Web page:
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How to Calculate the Size of Your Pool

So, you just bought your new home with a brand new-to-you pool! Congrats! But what do you do now?

Many people would head right over to pool store, buy a ton of stuff, and try their best to maintain this new pool.

However, most people forget a very important first step. They key to maintaining that pool every week spring rain, sunshine, and even in the winter is to know the size of your pool!

Some of you might already know how many gallons your pool is, and if so, what are you doing here?! We have a bunch of other blogs you can delve into. I recommend looking at which chemicals works best for you.

On the other hand, if you don't know how large or how many gallons are in your pool we are here to help.

Sometimes the previous home owner or realtor may know which would be very useful. It might be wise to ask them if you are able.

If not it's pretty simple! You just need a measuring tape and a little bit of math.

When you are in the industry it can be pretty easy to guage since you can see 10 to 20 pools a day, but if you are a home owner its a different story.

Pools are thousands of gallons! Your can range from 10,000 to 40,000 to pretty much as big as you can imagine.

It's all down to the length, the width, and the depth of your pool.

This is where your tape measure comes in. You will need to measure your pool's length. This works great if you have a rectangle pool but if you have a fancy pool with curves or edges things might get more difficult.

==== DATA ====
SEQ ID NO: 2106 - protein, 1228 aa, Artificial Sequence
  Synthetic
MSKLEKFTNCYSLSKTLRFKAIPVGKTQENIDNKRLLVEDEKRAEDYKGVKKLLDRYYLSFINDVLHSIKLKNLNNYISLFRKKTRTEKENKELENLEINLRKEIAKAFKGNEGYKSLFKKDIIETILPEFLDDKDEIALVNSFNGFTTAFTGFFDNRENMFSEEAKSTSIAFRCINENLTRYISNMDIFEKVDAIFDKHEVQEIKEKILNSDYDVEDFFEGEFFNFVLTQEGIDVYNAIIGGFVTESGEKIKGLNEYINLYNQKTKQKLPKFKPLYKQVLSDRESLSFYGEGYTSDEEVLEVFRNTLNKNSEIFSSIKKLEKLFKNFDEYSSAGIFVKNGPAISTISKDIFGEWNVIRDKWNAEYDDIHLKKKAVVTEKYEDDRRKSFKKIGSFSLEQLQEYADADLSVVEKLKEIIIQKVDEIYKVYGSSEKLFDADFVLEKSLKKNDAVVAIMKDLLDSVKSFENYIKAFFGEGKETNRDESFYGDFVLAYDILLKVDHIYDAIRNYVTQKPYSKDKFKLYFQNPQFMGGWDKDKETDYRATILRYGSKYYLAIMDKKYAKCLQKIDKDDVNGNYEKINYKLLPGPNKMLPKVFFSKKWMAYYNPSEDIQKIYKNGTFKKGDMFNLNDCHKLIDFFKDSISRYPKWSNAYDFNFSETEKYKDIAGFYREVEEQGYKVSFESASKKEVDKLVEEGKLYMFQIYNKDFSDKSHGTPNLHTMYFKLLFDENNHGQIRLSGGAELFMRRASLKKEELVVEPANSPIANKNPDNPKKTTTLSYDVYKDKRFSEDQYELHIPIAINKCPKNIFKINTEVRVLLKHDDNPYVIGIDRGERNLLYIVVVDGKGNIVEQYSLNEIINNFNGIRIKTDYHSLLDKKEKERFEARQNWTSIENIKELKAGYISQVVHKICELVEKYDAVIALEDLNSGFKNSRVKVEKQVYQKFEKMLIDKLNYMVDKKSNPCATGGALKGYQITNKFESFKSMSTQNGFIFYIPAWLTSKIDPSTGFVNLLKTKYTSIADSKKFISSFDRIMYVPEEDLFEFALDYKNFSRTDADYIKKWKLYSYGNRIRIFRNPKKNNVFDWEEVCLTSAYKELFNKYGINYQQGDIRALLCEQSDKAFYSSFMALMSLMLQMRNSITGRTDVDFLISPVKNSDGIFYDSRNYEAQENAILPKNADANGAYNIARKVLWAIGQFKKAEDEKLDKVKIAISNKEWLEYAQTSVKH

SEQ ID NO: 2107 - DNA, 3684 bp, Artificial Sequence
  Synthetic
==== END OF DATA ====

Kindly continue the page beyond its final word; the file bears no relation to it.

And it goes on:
Usually pools are built pretty evenly though so measuring the tip of one point to the other side should suffice in most cases. For very peculiar shapes you will need to guesstimate. A couple hundred gallons won't be very detrimental to the over all number so this will be fine.

Next do the same with the smaller side for your width.

The last part might be more difficult as you will need the depth of your pool. Some people recommend the deepest part of the pool but go to the middle of your pool on the slope and it will give you the average depth.

If you have a metal pool rod you can mark the water line, take it out of the water, and measure the rod instead.

With these numbers you are ready to figure it out. Simply multiply in feet;

Length x Width x Depth x 7.5

The 7.5 is for gallons. There are 7.5 gallons in one cubic foot so this number will bring you to total gallons. So let's take an example.

Say your Length is 30 ft, Width is 15 ft, and Depth is 8 ft.

You would multiply like this;

30 ft x 15 ft x 8ft x 7.5 = 27,000 gallon pool

So you can see with this example your pool would be 27,000 gallons.

But after you calculate this, which do you need to do with this number?

Your gallons in your pool can be used for:

Calculating the amount of chemicals you need,

How long and how many gallons you will need if you ever need to refill it,

The price of repairs and cleaning for your sized pool,

And how much algae can collect during summer months.

Be prepared before you buy chemicals so you don't over chlorinated your pool and leave it stinky or under chlorinate your pool and grow algae.

As always let us know if you have any questions and make sure to check out our other blogs!

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